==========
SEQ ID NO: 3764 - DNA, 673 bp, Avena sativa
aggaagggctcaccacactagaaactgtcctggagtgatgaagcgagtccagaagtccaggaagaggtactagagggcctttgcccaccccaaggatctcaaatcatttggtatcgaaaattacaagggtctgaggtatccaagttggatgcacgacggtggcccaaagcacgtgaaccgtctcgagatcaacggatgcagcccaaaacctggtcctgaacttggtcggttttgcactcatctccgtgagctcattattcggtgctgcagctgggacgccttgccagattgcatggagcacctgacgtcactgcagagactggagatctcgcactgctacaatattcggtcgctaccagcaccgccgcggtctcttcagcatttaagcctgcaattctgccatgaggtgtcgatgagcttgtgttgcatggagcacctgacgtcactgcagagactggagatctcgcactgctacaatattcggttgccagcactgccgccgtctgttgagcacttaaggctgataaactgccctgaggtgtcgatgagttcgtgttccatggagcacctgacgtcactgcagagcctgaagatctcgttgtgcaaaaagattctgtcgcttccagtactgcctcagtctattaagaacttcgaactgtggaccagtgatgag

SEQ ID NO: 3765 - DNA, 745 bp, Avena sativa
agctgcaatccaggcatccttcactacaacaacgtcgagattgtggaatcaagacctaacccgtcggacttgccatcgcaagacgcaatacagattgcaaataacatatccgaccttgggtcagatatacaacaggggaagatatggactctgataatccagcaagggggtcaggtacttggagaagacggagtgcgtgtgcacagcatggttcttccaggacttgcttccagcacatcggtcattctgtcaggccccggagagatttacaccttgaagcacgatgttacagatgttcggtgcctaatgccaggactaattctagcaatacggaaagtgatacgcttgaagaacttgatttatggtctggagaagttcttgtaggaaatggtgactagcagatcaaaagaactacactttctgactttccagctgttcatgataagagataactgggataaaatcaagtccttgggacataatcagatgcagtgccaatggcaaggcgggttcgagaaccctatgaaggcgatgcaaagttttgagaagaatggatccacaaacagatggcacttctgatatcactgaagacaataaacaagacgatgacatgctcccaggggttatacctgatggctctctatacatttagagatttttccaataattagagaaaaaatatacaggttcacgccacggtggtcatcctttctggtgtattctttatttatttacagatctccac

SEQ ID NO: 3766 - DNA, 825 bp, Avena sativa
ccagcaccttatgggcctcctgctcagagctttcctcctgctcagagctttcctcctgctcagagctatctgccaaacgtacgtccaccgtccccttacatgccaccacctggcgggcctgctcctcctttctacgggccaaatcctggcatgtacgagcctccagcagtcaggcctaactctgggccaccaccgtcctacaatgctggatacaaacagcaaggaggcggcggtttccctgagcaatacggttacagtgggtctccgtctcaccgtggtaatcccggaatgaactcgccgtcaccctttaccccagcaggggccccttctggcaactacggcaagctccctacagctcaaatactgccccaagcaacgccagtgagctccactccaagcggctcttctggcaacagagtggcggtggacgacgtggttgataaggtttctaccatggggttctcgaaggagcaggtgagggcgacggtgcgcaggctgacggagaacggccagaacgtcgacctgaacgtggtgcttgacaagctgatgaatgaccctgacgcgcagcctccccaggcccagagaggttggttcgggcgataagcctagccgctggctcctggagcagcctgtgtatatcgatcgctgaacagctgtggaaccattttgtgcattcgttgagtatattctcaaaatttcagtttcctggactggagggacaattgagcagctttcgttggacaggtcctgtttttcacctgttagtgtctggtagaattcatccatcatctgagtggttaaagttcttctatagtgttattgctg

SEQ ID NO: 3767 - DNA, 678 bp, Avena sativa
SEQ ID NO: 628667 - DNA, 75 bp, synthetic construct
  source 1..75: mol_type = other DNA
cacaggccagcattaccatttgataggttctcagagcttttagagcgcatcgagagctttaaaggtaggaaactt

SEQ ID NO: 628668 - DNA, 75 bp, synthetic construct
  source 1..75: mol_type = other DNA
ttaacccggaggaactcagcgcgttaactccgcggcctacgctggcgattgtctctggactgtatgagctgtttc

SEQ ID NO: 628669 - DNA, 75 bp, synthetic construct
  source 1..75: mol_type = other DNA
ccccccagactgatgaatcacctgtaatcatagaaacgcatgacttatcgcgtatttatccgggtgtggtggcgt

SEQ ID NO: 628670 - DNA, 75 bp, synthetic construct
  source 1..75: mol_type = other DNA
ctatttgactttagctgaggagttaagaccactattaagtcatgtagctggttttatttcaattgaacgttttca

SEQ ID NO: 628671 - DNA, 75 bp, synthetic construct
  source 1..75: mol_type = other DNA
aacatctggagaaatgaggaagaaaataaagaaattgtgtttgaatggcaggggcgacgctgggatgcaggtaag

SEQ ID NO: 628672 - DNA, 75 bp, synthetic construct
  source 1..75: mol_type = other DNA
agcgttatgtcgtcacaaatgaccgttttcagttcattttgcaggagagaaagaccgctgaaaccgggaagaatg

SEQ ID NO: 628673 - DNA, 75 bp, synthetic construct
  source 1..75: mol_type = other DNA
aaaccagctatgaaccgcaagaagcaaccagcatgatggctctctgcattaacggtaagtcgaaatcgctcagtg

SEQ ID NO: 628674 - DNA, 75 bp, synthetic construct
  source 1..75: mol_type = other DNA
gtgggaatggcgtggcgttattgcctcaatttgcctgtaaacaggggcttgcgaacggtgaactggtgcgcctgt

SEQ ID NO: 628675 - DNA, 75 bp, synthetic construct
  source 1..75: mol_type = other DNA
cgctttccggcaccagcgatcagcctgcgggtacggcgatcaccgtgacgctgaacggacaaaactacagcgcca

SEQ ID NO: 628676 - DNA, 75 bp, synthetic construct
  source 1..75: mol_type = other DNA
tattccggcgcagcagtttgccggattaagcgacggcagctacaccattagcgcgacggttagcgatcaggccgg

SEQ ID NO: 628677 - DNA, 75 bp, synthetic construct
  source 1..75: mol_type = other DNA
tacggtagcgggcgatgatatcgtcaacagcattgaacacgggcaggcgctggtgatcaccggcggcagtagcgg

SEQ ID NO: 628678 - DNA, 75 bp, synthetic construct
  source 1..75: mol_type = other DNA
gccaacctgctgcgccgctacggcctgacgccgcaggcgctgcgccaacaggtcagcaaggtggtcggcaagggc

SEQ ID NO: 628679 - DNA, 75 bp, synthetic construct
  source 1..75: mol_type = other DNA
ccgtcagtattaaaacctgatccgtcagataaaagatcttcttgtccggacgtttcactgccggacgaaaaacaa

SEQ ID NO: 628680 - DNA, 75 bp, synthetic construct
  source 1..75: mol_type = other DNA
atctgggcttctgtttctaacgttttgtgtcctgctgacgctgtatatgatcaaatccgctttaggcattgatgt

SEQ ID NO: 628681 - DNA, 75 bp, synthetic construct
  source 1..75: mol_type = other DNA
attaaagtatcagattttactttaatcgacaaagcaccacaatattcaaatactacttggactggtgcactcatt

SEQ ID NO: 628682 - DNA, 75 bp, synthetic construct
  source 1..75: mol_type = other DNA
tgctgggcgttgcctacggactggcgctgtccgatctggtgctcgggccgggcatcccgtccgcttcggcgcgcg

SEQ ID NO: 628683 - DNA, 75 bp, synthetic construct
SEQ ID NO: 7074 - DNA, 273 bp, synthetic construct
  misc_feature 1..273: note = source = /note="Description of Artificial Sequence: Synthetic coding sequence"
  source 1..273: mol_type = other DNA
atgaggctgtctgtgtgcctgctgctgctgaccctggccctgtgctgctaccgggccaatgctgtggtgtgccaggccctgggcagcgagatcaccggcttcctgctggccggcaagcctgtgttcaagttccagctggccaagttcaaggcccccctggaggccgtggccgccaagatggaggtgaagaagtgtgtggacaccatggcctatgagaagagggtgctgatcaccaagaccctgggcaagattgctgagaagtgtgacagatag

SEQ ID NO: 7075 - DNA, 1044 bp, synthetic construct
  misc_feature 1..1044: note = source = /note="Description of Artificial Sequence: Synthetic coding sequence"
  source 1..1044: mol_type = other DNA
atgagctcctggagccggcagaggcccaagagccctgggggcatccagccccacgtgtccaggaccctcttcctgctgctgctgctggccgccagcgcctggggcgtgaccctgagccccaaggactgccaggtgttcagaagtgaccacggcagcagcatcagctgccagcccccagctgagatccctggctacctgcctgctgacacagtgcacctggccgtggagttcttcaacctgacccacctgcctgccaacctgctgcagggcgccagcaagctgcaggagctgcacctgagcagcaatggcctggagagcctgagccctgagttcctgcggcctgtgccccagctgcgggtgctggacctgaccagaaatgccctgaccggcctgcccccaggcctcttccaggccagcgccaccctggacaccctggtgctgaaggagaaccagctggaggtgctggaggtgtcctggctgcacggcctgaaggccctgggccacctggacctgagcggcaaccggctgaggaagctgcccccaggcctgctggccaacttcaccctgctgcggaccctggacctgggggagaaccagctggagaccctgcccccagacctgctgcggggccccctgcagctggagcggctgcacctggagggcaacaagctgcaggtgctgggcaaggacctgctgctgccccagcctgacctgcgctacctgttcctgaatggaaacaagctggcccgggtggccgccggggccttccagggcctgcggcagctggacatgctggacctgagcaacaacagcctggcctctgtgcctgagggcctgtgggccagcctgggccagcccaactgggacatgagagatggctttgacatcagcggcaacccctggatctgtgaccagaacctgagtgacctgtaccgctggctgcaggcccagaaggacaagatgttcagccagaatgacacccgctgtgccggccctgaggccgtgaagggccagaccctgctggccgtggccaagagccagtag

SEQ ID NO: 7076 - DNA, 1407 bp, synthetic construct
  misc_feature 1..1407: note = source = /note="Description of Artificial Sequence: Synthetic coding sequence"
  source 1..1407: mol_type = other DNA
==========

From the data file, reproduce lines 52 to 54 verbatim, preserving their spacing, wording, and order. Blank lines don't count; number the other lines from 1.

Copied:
attaaagtatcagattttactttaatcgacaaagcaccacaatattcaaatactacttggactggtgcactcatt

SEQ ID NO: 628682 - DNA, 75 bp, synthetic construct
  source 1..75: mol_type = other DNA